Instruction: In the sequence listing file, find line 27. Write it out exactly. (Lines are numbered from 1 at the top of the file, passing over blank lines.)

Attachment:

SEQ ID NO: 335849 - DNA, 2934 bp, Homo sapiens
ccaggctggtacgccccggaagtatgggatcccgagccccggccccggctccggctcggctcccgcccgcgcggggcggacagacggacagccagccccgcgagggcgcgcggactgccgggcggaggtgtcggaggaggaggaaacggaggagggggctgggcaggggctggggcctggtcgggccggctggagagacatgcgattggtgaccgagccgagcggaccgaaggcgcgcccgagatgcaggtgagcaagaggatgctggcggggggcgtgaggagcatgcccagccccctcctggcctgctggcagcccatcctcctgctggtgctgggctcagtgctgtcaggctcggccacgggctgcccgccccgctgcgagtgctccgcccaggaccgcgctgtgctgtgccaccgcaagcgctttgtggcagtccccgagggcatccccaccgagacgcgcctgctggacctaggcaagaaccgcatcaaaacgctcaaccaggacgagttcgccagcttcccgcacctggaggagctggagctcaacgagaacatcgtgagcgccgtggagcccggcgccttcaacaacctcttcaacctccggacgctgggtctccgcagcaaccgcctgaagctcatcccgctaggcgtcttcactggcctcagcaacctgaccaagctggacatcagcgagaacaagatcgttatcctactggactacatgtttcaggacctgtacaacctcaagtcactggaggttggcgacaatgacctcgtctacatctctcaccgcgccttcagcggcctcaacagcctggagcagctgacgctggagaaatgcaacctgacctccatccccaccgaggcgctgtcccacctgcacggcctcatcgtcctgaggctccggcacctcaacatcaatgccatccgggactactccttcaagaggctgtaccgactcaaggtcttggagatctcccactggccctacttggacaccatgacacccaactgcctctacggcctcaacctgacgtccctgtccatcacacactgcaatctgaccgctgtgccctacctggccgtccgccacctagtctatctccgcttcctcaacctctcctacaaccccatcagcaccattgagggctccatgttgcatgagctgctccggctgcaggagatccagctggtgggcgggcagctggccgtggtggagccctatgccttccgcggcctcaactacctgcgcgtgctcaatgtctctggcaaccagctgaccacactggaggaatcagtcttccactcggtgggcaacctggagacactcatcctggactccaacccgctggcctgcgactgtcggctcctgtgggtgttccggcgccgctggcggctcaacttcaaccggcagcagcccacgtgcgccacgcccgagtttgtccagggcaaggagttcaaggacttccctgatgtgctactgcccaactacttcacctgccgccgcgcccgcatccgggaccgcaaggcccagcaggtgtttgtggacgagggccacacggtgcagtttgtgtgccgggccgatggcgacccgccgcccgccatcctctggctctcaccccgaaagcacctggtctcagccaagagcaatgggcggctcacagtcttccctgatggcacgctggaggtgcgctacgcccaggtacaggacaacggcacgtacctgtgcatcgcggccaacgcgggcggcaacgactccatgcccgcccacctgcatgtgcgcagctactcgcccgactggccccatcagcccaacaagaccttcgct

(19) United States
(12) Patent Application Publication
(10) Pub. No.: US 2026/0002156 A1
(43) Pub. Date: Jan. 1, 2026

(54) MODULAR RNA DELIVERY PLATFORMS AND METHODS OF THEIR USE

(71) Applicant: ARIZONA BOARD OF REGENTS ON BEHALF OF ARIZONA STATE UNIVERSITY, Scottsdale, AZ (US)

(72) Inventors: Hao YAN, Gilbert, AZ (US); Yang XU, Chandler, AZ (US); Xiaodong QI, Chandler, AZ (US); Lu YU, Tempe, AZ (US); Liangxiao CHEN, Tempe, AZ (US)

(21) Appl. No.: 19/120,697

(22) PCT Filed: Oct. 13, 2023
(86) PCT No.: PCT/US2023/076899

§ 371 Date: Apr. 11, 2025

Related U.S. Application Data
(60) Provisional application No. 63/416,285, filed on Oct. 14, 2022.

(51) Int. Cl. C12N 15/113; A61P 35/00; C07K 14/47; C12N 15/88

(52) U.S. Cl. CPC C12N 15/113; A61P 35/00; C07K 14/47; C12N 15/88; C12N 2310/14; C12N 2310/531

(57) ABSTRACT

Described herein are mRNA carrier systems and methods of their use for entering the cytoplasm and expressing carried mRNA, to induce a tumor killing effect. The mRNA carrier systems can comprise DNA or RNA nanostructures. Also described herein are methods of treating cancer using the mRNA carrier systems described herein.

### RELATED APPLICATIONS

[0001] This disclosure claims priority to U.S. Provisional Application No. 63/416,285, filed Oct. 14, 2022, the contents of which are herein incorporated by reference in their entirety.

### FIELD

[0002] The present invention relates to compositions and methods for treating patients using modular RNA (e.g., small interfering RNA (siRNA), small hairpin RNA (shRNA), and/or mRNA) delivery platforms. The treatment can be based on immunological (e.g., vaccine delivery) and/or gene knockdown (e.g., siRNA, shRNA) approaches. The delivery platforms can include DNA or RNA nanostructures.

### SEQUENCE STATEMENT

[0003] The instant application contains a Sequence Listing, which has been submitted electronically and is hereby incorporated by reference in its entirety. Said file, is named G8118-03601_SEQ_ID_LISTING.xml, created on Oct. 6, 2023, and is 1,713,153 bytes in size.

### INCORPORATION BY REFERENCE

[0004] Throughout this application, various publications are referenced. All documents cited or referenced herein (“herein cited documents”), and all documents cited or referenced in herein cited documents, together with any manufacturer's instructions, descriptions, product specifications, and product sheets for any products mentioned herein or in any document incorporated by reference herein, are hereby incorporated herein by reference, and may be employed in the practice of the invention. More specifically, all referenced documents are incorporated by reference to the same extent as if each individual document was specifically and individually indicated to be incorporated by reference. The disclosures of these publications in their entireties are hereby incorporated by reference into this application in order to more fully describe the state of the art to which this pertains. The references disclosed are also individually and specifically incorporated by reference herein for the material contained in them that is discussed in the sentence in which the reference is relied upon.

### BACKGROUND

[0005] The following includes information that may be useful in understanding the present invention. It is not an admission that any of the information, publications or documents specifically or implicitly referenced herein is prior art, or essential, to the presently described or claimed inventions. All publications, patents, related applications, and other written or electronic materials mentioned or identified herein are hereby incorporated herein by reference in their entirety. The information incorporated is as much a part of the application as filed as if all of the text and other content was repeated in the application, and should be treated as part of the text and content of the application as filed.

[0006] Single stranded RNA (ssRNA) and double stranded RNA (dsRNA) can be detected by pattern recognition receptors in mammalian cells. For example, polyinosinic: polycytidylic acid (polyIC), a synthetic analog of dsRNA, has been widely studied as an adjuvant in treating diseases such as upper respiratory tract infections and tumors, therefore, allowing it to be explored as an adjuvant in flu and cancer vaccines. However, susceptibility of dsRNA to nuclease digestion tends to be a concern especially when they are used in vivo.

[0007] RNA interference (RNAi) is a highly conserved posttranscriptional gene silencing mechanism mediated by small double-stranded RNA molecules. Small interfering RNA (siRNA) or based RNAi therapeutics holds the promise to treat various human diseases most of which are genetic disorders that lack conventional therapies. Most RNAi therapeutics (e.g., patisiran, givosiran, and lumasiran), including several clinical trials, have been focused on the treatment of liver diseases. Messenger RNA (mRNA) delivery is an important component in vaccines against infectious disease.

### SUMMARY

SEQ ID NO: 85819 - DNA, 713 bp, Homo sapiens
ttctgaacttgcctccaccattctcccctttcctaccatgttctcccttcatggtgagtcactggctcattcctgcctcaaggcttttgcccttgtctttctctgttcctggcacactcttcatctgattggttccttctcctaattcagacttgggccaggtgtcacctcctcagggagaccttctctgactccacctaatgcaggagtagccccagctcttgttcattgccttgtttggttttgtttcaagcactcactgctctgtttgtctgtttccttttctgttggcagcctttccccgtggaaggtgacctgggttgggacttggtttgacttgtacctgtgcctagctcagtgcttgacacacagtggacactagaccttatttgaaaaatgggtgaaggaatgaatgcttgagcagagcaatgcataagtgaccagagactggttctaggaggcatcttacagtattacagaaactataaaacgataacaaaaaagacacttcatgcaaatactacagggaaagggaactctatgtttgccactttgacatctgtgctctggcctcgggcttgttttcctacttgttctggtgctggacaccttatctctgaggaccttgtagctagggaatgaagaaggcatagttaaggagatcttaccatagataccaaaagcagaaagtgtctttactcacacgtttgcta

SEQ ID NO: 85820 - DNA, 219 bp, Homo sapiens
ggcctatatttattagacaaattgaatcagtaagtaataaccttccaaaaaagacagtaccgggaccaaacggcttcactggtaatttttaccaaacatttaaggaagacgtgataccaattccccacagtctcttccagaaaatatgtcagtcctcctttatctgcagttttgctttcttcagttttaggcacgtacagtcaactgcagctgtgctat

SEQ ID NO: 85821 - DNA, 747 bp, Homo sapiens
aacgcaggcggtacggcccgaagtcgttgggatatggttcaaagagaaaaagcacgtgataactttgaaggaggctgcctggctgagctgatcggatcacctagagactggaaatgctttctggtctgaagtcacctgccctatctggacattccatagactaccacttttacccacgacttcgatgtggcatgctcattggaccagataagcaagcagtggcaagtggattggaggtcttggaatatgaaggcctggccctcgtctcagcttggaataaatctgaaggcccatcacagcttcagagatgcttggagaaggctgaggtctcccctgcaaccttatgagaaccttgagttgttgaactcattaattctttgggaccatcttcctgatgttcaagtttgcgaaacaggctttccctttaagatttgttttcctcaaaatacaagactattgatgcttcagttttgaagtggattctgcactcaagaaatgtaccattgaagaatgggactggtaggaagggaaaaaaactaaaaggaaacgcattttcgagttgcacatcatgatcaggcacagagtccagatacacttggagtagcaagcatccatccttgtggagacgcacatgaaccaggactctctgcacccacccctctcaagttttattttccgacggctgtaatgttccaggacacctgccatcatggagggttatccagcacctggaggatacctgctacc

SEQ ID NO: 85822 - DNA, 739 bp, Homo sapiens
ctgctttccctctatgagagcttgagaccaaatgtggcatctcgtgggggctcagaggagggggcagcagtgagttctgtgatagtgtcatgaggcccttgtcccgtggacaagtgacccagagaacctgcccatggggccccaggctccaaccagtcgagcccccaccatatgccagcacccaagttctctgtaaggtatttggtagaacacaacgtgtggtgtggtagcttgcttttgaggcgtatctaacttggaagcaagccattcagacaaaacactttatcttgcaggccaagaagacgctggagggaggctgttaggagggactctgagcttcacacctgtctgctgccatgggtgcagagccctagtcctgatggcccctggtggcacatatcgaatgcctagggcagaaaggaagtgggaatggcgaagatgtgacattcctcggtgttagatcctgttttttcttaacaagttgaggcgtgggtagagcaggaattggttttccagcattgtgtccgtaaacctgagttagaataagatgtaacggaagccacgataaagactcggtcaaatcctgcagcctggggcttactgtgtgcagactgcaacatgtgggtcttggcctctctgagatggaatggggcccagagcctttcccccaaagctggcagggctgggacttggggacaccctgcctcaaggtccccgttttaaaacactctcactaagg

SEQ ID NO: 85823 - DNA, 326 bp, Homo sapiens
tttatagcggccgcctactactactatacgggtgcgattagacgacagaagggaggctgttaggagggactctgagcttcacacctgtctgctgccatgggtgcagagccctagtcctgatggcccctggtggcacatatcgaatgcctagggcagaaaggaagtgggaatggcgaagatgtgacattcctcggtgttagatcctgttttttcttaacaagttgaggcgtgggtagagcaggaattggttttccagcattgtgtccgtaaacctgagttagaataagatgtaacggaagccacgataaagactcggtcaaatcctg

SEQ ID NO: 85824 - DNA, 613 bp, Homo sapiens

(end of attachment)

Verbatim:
[0004] Throughout this application, various publications are referenced. All documents cited or referenced herein (“herein cited documents”), and all documents cited or referenced in herein cited documents, together with any manufacturer's instructions, descriptions, product specifications, and product sheets for any products mentioned herein or in any document incorporated by reference herein, are hereby incorporated herein by reference, and may be employed in the practice of the invention. More specifically, all referenced documents are incorporated by reference to the same extent as if each individual document was specifically and individually indicated to be incorporated by reference. The disclosures of these publications in their entireties are hereby incorporated by reference into this application in order to more fully describe the state of the art to which this pertains. The references disclosed are also individually and specifically incorporated by reference herein for the material contained in them that is discussed in the sentence in which the reference is relied upon.